The system that’s supposed to regulate asylum claims at Canada’s entry ports is broken. The 2004 Safe Third Country Agreement was supposed to prevent cross-border “asylum shopping.” It was intended to discourage asylum-seekers in the United States from trying their luck in Canada and vice-versa, but because unofficial border crossings weren’t taken into account, the agreement has ended up working as a border-hopping incentive.

Immigration lawyers and politicians from former Conservative immigration minister Chris Alexander to Parti Quebecois leader Jean-François Lisée say the agreement should be suspended. That might stop would-be asylum claimants from jumping the border as a first option. But if they’re determined to try their luck in Canada and they’re turned back at official ports of entry, why wouldn’t they just try sneaking in again?

An internal government analysis obtained by the Canadian Press in June reckons that if the rate of asylum claimants showing up in Canada continues to climb, it will take 11 years for the Immigration Review Board to adjudicate a claim filed this year. That’s de facto citizenship—or at least it should be. If the rate levels off and ends up at only 28,000 claims for all of 2017, it would still take at least four years before a claimant this year gets a hearing. Hussen’s announcement that he’s adding a few extra staff to “process” applications won’t change that.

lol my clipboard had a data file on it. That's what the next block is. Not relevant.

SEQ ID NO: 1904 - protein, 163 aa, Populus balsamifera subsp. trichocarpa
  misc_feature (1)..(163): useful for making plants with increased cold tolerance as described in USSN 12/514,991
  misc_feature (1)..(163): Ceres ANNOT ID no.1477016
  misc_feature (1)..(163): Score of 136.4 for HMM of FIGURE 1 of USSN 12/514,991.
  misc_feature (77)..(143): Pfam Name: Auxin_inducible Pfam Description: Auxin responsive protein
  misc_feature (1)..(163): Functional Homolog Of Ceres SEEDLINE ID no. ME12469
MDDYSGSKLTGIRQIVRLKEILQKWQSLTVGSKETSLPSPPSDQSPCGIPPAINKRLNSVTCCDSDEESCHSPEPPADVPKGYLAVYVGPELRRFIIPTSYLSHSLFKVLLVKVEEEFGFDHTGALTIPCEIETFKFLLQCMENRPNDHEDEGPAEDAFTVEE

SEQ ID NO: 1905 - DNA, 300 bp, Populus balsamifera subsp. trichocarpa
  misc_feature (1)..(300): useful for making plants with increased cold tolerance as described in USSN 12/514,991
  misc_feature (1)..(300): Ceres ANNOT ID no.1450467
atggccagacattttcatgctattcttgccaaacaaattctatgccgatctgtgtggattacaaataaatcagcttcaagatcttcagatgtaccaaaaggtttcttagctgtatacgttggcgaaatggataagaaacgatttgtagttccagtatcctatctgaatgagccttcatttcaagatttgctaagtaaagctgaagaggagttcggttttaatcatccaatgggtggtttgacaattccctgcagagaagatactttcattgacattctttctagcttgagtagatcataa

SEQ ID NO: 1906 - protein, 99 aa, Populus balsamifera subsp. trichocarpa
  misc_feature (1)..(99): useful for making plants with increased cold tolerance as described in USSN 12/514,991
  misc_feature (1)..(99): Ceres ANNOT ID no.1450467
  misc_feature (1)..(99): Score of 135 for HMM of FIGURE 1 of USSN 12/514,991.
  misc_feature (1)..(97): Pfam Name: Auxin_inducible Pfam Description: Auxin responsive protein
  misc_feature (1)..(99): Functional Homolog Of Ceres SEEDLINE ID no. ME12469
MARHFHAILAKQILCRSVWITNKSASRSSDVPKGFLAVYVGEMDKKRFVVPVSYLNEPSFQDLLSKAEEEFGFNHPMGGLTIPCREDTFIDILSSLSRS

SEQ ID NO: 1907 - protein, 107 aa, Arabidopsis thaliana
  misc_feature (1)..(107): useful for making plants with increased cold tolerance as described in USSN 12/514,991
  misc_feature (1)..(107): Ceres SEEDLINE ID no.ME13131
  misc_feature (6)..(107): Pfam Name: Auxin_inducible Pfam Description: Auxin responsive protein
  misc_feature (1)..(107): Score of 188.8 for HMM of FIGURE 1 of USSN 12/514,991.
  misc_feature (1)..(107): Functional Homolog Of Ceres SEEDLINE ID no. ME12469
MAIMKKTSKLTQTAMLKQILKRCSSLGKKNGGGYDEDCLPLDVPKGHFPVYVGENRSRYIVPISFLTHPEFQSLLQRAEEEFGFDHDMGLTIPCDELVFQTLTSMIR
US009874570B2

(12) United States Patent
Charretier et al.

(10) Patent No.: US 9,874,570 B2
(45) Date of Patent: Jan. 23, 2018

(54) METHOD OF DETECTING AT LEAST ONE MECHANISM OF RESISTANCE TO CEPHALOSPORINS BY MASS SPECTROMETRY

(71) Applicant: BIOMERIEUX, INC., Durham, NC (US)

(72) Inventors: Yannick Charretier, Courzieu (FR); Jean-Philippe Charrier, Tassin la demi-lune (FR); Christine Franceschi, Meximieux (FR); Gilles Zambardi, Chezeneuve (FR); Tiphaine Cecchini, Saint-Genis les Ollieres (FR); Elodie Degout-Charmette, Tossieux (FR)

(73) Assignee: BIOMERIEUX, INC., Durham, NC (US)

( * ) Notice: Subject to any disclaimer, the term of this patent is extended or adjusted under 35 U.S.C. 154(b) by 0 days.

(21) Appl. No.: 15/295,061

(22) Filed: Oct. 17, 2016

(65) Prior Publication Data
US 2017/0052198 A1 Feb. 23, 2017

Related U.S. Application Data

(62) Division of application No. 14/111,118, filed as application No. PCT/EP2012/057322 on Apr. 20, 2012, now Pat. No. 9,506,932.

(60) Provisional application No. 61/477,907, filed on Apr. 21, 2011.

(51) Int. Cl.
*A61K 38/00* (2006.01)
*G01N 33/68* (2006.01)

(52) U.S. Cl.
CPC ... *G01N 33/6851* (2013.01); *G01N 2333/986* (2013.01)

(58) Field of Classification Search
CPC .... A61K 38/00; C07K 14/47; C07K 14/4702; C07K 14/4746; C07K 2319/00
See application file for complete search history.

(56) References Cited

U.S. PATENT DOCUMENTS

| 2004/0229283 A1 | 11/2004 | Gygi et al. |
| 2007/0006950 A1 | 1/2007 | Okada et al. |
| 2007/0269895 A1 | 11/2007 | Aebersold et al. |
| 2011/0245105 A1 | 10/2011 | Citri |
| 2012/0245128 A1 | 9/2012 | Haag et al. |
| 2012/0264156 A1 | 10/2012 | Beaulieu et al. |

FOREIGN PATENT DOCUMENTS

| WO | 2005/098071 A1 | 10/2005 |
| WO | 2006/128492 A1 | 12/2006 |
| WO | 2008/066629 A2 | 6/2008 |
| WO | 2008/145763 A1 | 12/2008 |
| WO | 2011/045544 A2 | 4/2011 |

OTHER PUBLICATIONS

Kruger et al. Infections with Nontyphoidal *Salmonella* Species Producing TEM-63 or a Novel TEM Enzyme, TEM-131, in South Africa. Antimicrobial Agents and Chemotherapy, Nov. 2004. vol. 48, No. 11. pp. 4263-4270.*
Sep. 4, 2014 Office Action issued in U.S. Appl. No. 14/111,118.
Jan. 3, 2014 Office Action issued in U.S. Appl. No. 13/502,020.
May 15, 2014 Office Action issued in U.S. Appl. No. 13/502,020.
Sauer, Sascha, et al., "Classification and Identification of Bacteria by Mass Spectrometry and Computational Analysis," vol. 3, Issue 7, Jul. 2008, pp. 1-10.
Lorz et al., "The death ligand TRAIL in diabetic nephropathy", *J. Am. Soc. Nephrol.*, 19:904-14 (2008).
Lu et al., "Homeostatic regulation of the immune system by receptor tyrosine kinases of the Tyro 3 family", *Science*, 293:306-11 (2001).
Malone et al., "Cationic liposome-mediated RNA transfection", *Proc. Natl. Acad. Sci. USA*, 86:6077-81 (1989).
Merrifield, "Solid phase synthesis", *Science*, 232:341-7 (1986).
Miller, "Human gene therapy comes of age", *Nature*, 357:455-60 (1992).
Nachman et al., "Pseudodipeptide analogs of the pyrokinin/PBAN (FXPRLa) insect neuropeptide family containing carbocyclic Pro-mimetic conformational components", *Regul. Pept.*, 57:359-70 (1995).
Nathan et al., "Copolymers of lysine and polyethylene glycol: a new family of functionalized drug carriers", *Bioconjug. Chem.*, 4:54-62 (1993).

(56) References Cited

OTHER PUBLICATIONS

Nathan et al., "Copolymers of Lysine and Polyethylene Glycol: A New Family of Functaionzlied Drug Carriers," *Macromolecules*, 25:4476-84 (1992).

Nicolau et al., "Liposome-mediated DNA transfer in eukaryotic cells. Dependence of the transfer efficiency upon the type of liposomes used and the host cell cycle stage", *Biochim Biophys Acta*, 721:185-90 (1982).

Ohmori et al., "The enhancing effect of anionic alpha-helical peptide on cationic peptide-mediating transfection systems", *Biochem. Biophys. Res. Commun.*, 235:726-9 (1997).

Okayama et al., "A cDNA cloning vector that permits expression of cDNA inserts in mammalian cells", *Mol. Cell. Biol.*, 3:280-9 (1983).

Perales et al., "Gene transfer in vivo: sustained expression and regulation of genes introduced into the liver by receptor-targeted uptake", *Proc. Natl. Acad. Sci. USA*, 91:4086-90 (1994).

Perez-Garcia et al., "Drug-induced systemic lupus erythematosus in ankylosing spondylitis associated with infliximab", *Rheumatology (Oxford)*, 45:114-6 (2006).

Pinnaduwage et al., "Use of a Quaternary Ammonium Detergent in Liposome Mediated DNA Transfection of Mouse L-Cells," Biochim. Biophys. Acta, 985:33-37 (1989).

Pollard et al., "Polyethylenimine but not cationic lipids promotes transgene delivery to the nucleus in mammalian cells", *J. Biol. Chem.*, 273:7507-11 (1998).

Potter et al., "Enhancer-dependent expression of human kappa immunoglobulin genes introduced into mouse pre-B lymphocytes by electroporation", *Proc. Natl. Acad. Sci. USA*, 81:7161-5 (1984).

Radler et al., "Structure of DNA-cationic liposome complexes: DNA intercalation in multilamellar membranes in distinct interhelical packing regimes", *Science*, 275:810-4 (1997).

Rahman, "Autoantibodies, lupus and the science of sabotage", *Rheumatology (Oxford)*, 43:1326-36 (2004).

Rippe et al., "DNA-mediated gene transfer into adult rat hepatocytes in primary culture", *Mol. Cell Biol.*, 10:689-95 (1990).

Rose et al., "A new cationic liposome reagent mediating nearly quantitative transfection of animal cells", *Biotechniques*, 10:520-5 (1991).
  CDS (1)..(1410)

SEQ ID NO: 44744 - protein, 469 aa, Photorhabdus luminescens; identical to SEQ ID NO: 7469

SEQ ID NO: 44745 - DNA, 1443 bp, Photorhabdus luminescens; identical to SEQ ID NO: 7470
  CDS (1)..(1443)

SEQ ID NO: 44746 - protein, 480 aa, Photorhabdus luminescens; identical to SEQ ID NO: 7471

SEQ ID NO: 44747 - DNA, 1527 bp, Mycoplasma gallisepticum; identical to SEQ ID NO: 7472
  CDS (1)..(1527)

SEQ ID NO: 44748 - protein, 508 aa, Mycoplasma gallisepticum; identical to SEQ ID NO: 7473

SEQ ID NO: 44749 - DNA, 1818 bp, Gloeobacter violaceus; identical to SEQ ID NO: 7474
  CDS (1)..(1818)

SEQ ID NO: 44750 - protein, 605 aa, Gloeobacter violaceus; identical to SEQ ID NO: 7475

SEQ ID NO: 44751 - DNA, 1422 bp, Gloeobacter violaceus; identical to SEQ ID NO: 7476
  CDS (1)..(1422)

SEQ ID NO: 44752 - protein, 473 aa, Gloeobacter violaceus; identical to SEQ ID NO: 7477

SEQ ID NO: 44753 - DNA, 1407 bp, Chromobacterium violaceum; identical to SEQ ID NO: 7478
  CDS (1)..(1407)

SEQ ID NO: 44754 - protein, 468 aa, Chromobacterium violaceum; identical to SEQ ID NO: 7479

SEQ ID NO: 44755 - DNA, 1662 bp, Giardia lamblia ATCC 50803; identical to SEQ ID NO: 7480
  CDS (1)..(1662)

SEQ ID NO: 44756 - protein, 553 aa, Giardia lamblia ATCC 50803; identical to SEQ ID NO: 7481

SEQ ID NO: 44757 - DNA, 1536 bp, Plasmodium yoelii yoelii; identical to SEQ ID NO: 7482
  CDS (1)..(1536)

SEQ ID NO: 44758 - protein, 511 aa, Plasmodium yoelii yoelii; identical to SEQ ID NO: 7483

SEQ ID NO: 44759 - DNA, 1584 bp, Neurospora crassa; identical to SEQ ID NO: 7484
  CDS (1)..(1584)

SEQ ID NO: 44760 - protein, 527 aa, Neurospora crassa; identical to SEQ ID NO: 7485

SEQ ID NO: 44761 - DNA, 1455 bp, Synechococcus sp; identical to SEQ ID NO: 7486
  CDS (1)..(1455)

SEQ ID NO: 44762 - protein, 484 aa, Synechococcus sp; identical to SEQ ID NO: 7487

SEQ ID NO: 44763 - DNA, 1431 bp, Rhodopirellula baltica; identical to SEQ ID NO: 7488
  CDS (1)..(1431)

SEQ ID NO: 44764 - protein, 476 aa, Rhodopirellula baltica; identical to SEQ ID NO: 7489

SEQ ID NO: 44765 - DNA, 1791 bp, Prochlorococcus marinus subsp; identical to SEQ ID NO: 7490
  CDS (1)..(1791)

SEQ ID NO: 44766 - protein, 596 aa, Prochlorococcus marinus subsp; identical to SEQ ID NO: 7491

Between January and April this year, the RCMP intercepted at least 2,700 people entering Canada from the United States at irregular border crossings from British Columbia to the Maritimes. By July 1, that figure had jumped to 4,345. But by then, the claims processed by the Canadian Border Security Agency and the “inland” offices of Immigration, Refugees and Citizenship Canada had reached 18,305. And then last month, the traffic in asylum-claimants crossing the border into Quebec took a sharp turn upwards, from 245 claimants intercepted by the Mounties near Saint-Bernard-de-Lacolle in January to nearly 1,200 in July.

By the first week of August, it was up to 150 a day. By the end of last week, it was approaching 300 a day. At this rate, asylum claims will easily surpass 28,000 this year, and that’s without taking into account what will happen when the clock eventually runs out on another 300,000 temporary U.S. permit-holders from a dozen other countries, including El Salvador, Nicaragua, South Sudan and Yemen.

If past practice is anything to go by, Canada’s citizenship, immigration and refugee bureaucracy will be given temporary resources and time-limited marching orders and there may even be the unveiling of some new program, but we’ll end up stuck with the same fiasco by another name or in another guise. It’s just the way Canada deals with these things.